Mouse models have served a valuable role in deciphering various facets of Salivary Gland (SG) biology, from normal developmental programs to diseased states. To facilitate such studies, gene expression profiling maps have been generated for various stages of SG organogenesis. However these prior studies fall short of capturing the transcriptional complexity due to the limited scope of gene-centric microarray-based technology. Compared to microarray, RNA-sequencing (RNA-seq) offers unbiased detection of novel transcripts, broader dynamic range and high specificity and sensitivity for detection of genes, transcripts, and differential gene expression. Although RNA-seq data, particularly under the auspices of the ENCODE project, have covered a large number of biological specimens, studies on the SG have been lacking.
To better appreciate the wide spectrum of gene expression profiles, we isolated RNA from mouse submandibular salivary glands at different embryonic and adult stages. In parallel, we processed RNA-seq data for 24 organs and tissues obtained from the mouse ENCODE consortium and calculated the average gene expression values. To identify molecular players and pathways likely to be relevant for SG biology, we performed functional gene enrichment analysis, network construction and hierarchal clustering of the RNA-seq datasets obtained from different stages of SG development and maturation, and other mouse organs and tissues. Our bioinformatics-based data analysis not only reaffirmed known modulators of SG morphogenesis but revealed novel transcription factors and signaling pathways unique to mouse SG biology and function. Finally we demonstrated that the unique SG gene signature obtained from our mouse studies is also well conserved and can demarcate features of the human SG transcriptome that is different from other tissues.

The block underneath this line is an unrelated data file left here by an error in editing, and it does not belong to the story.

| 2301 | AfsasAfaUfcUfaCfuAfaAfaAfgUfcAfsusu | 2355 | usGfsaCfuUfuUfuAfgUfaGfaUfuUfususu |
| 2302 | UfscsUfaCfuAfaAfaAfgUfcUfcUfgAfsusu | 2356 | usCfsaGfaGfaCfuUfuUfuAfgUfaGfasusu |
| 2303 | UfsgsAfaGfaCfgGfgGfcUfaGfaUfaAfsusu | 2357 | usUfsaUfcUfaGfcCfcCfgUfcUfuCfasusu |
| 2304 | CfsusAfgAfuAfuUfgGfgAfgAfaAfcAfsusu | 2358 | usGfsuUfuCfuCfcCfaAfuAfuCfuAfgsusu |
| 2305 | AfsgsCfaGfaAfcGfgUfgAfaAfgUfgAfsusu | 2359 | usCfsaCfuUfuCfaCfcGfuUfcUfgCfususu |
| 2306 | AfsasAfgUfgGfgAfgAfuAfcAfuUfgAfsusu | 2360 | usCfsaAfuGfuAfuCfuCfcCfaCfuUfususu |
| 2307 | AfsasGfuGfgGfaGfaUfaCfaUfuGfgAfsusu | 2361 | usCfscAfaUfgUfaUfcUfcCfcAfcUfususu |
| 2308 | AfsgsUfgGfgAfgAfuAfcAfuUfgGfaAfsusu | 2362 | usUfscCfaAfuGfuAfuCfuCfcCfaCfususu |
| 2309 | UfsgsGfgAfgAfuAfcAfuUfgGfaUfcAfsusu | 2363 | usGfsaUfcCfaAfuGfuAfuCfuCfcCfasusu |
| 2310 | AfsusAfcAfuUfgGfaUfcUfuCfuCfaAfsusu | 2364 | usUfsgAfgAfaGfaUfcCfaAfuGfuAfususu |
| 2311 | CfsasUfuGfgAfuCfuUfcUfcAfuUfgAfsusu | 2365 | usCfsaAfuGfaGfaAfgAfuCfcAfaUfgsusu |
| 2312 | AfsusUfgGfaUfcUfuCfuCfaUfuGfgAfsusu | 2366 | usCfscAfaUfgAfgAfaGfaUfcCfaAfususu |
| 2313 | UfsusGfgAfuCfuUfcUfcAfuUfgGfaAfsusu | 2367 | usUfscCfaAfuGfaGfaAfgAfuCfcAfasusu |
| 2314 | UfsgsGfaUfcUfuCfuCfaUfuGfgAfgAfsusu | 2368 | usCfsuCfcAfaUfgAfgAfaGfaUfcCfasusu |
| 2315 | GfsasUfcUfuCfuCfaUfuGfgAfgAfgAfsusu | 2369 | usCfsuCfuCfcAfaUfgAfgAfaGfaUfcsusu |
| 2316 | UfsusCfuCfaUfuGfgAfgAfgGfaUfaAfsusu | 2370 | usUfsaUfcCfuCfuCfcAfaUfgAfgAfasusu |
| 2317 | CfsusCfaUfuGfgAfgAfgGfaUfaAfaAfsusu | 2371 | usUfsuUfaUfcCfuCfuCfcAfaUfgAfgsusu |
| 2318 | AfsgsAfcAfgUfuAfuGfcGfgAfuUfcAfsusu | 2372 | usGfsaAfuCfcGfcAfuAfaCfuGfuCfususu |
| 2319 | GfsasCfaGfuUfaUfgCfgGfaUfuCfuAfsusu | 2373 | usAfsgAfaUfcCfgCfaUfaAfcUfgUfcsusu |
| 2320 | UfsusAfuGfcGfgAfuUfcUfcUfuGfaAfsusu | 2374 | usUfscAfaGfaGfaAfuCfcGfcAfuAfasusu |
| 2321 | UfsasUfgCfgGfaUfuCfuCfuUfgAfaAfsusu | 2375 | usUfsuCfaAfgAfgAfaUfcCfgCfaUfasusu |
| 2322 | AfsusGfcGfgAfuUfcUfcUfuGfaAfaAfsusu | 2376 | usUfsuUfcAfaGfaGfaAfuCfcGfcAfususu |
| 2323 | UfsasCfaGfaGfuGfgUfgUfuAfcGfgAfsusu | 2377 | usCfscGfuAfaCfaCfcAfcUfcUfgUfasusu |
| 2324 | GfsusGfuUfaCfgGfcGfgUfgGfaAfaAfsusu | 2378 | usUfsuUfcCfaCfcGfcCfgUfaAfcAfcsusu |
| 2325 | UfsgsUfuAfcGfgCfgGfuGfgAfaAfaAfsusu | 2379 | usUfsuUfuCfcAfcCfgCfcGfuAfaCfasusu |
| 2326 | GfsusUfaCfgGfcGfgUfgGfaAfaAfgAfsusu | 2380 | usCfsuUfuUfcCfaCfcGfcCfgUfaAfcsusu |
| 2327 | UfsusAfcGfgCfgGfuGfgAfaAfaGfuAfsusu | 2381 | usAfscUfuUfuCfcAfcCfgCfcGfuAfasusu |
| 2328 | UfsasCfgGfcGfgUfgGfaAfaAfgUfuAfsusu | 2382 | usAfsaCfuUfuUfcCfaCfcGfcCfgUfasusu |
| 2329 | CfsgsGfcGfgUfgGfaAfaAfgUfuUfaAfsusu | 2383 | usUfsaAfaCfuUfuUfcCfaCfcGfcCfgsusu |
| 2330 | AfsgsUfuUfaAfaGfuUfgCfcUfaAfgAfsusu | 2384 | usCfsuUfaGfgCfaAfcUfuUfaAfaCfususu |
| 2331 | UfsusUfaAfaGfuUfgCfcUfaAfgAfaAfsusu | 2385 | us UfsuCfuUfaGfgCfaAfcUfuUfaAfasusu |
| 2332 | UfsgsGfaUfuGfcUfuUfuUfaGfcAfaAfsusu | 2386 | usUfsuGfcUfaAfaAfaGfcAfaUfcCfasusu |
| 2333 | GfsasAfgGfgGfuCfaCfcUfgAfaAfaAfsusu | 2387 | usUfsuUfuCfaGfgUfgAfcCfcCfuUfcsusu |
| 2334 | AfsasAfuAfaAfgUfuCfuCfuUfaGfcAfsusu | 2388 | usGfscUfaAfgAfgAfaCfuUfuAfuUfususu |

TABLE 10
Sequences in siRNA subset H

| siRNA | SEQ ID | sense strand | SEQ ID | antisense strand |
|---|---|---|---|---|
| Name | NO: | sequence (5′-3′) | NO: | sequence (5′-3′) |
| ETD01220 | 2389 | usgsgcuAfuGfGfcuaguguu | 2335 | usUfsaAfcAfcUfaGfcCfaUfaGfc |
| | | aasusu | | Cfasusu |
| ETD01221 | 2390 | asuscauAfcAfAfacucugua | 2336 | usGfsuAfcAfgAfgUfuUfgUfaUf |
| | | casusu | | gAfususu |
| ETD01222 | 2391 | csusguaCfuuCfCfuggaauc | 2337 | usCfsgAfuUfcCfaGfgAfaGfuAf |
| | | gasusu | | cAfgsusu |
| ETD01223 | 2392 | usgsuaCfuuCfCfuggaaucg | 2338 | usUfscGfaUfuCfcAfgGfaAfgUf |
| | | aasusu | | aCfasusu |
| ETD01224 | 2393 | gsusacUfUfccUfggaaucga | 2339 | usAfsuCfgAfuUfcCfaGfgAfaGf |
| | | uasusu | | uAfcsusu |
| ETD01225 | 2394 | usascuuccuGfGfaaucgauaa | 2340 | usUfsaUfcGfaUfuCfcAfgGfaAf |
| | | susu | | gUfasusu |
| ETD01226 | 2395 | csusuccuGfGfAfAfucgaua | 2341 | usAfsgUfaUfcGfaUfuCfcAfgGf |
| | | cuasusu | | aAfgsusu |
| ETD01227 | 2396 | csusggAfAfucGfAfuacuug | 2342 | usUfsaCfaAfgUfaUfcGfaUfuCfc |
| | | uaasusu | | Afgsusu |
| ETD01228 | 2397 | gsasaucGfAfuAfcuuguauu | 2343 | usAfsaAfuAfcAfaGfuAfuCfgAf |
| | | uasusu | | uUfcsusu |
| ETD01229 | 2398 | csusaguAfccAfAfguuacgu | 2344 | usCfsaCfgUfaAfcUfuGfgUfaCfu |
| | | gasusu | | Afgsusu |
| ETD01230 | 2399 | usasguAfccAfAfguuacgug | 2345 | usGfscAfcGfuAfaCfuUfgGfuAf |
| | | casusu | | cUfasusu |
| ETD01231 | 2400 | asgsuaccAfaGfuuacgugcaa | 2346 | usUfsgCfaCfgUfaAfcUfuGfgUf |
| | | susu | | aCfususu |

Our RNA-seq based Atlas has revealed a high-resolution cartographic view of the dynamic transcriptomic landscape of the mouse SG at various stages. These RNA-seq datasets will complement pre-existing microarray based datasets, including the Salivary Gland Molecular Anatomy Project by offering a broader systems-biology based perspective rather than the classical gene-centric view. Ultimately such resources will be valuable in providing a useful toolkit to better understand how the diverse cell population of the SG are organized and controlled during development and differentiation.